The wigs resemble the hair of Disney princesses, and though most are designed for girls ages 2 to 10, there are a few styles for boys.
CHILDREN BEING TREATED FOR cancer may dream of having hair again, but many find wigs too scratchy and uncomfortable.
That’s why two moms from Alaska came up with a way to keep kids’ heads covered — and their hearts playful.
Holly Christensen, a mother and an oncology nurse, made her first yarn wig for a friend’s daughter, who was hospitalized for cancer. The girl was thrilled with the whimsical Rapunzel wig, so Christensen organized a small Facebook effort to make more for other children with cancer. Immediately, she was flooded with requests from parents and hospitals for wigs to give patients in their care, and the nonprofit Magic Yarn Project was born.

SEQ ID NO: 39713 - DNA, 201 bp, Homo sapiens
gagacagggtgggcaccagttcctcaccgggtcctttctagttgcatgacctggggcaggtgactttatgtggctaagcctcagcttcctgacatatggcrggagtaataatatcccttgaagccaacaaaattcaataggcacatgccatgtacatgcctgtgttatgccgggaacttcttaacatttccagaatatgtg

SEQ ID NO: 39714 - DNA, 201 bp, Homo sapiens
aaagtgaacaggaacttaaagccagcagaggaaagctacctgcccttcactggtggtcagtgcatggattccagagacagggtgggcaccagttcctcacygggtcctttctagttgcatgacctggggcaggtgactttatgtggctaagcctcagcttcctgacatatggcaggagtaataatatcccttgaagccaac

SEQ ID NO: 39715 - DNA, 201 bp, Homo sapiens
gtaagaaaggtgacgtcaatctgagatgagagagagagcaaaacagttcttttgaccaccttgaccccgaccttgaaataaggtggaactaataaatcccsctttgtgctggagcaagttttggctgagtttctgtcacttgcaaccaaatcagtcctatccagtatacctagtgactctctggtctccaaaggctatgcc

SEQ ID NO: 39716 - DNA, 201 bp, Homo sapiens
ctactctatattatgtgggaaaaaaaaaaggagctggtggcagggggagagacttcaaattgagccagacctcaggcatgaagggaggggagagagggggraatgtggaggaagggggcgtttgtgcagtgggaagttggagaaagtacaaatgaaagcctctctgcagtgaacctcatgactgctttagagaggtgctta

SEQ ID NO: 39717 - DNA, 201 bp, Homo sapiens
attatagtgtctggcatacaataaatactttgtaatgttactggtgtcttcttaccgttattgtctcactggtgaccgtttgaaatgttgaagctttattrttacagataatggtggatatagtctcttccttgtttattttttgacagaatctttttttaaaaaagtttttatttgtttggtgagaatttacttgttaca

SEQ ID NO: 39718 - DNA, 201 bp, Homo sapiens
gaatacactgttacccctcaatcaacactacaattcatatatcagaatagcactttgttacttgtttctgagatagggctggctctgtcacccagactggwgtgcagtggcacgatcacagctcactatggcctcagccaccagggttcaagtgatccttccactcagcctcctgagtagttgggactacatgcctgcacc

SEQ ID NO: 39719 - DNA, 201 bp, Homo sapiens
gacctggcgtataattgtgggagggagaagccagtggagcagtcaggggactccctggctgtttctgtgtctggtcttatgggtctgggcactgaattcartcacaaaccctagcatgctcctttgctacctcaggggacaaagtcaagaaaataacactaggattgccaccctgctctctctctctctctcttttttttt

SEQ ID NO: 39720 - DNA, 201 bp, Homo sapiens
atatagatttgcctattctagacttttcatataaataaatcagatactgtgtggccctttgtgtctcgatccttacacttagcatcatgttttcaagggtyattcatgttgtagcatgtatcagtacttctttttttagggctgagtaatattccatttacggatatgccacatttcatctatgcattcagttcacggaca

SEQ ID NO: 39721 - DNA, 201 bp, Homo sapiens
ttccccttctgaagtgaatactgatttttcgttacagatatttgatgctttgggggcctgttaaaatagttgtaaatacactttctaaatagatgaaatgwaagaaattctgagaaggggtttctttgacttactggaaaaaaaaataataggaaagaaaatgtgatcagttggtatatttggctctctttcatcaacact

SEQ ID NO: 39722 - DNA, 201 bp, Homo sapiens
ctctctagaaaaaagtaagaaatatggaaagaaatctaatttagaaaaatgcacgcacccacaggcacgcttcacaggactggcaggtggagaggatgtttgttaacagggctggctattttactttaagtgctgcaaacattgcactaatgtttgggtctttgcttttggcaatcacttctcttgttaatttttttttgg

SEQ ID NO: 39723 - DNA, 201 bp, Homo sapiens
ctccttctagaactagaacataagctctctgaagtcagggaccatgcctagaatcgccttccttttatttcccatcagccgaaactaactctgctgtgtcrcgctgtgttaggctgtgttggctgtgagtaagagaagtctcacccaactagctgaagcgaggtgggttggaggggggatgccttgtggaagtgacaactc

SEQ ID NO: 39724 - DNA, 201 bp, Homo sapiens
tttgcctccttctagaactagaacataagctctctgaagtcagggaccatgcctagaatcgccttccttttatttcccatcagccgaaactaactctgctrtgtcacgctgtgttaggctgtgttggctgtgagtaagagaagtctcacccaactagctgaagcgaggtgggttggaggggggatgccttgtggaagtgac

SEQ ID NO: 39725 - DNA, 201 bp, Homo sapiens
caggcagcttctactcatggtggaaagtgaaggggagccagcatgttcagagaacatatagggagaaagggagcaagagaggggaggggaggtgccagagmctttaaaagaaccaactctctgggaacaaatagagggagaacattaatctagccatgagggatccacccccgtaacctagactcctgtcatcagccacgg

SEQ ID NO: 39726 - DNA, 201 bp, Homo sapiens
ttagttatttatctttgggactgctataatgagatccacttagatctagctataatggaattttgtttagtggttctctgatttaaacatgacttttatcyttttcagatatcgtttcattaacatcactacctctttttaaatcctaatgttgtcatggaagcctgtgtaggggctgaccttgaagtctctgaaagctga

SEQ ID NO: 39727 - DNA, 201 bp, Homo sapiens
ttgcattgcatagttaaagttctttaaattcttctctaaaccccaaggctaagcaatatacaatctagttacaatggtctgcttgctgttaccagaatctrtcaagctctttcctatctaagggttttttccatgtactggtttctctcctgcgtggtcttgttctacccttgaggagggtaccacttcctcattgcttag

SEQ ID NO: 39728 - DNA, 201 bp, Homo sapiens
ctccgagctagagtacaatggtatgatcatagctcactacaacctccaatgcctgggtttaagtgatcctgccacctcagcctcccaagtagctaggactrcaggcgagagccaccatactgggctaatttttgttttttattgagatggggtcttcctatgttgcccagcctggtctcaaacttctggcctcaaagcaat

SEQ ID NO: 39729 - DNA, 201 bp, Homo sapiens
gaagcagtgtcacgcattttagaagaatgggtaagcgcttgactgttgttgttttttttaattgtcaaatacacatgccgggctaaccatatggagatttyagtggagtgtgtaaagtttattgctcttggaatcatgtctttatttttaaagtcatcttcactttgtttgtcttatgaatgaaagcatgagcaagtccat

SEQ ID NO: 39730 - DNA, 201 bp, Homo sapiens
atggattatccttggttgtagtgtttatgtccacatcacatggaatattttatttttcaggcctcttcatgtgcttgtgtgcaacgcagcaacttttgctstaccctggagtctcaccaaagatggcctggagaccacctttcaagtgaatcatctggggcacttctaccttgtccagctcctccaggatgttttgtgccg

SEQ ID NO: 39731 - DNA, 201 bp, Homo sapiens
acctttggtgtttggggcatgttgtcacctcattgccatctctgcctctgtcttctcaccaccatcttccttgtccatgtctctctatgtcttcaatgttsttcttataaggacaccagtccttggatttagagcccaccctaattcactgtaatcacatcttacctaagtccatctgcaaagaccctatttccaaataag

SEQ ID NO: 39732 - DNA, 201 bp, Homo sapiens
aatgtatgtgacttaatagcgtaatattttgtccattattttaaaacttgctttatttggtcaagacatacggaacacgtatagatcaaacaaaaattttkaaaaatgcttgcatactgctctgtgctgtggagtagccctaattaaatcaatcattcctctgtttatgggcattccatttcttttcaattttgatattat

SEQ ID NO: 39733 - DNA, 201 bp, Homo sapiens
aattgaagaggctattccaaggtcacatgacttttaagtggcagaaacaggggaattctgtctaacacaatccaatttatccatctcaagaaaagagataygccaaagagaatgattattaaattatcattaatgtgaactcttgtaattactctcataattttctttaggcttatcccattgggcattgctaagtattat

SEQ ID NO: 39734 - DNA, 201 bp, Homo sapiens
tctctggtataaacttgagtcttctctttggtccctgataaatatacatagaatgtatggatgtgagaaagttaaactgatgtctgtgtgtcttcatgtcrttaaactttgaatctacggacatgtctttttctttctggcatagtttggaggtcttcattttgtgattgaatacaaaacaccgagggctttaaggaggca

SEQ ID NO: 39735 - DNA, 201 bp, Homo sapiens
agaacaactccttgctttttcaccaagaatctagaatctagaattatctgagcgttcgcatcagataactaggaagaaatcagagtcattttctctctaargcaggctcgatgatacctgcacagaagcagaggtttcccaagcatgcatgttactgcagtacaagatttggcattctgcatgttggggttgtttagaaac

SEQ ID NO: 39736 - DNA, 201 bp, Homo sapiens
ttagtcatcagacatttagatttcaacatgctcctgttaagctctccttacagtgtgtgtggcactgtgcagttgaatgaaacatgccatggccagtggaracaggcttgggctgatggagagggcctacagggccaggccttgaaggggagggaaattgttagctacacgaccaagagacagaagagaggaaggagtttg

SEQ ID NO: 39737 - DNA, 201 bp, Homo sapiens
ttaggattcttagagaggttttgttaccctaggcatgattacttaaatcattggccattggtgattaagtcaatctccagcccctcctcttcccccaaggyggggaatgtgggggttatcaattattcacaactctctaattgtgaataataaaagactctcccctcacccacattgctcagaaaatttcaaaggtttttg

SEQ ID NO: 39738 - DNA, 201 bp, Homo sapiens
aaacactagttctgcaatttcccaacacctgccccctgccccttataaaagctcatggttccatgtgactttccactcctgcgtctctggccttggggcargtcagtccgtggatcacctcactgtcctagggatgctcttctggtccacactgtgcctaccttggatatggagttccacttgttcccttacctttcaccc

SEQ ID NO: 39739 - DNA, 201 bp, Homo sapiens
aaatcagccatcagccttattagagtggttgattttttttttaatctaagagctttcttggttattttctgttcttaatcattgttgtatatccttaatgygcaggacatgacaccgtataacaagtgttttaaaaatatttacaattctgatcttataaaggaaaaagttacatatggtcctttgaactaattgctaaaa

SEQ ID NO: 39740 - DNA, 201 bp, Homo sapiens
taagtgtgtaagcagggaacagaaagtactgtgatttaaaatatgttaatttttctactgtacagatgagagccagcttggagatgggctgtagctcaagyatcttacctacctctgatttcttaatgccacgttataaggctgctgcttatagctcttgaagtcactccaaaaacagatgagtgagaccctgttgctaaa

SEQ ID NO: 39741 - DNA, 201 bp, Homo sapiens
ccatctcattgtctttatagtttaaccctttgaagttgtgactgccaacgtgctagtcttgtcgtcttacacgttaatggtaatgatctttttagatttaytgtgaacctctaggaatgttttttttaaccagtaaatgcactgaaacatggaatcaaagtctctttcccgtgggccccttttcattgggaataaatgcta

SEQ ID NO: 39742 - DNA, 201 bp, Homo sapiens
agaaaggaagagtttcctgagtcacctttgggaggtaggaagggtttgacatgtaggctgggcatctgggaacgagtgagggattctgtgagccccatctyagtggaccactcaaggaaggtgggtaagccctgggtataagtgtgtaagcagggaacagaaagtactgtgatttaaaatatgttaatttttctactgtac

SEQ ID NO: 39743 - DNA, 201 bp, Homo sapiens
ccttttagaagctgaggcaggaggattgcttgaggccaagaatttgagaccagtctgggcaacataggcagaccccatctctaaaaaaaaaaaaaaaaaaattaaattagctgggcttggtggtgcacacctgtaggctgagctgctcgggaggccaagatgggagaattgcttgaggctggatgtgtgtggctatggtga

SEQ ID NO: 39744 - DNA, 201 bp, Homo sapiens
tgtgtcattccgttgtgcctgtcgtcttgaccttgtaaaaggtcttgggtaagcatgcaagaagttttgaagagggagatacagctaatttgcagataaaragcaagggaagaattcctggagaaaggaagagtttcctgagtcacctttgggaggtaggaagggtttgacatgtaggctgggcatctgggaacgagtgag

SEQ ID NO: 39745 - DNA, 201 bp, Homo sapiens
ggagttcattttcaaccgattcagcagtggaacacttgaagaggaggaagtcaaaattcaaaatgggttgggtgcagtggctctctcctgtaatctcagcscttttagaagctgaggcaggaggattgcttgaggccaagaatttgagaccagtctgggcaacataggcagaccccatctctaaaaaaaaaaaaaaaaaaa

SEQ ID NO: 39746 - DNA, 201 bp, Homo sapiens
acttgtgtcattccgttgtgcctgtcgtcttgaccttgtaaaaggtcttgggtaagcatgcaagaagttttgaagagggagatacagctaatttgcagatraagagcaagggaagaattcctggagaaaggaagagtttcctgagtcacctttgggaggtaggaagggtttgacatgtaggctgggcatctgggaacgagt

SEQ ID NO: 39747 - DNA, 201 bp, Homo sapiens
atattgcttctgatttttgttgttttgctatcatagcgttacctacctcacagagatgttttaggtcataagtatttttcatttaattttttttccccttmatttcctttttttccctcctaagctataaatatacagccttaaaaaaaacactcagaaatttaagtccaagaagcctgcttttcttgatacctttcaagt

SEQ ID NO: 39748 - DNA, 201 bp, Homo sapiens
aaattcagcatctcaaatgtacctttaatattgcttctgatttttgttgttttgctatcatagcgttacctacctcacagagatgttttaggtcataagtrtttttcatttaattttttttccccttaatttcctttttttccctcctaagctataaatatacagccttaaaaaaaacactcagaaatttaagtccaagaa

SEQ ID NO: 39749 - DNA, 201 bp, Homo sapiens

So far, Christensen and co-founder Bree Hitchcock, aided by 4,350 volunteer “magic makers” who create the head coverings or donate supplies, have delivered 7,150 yarn wigs to people in 36 countries — all at no cost.
Handmade crocheted beanies, also donated, provide the wigs’ foundations, to which volunteers attach long strands of soft, acrylic yarn and accessories such as gems, crocheted flowers, starfish, snowflakes and ribbons. The wigs resemble the hair of Disney princesses, and though most are designed for girls ages 2 to 10, there are a few styles for boys.
People who want to place orders, donate money or supplies, volunteer or start a local chapter of the Magic Yarn Project can find the information they need on the organization’s website at themagicyarnproject.com.
“I have often witnessed the scary and painful world of cancer as an oncology nurse, friend and family member. I’ve always held my cancer patients very close to my heart,” Christensen writes on the site. “What started as a small project has snowballed into something much bigger than I ever expected.”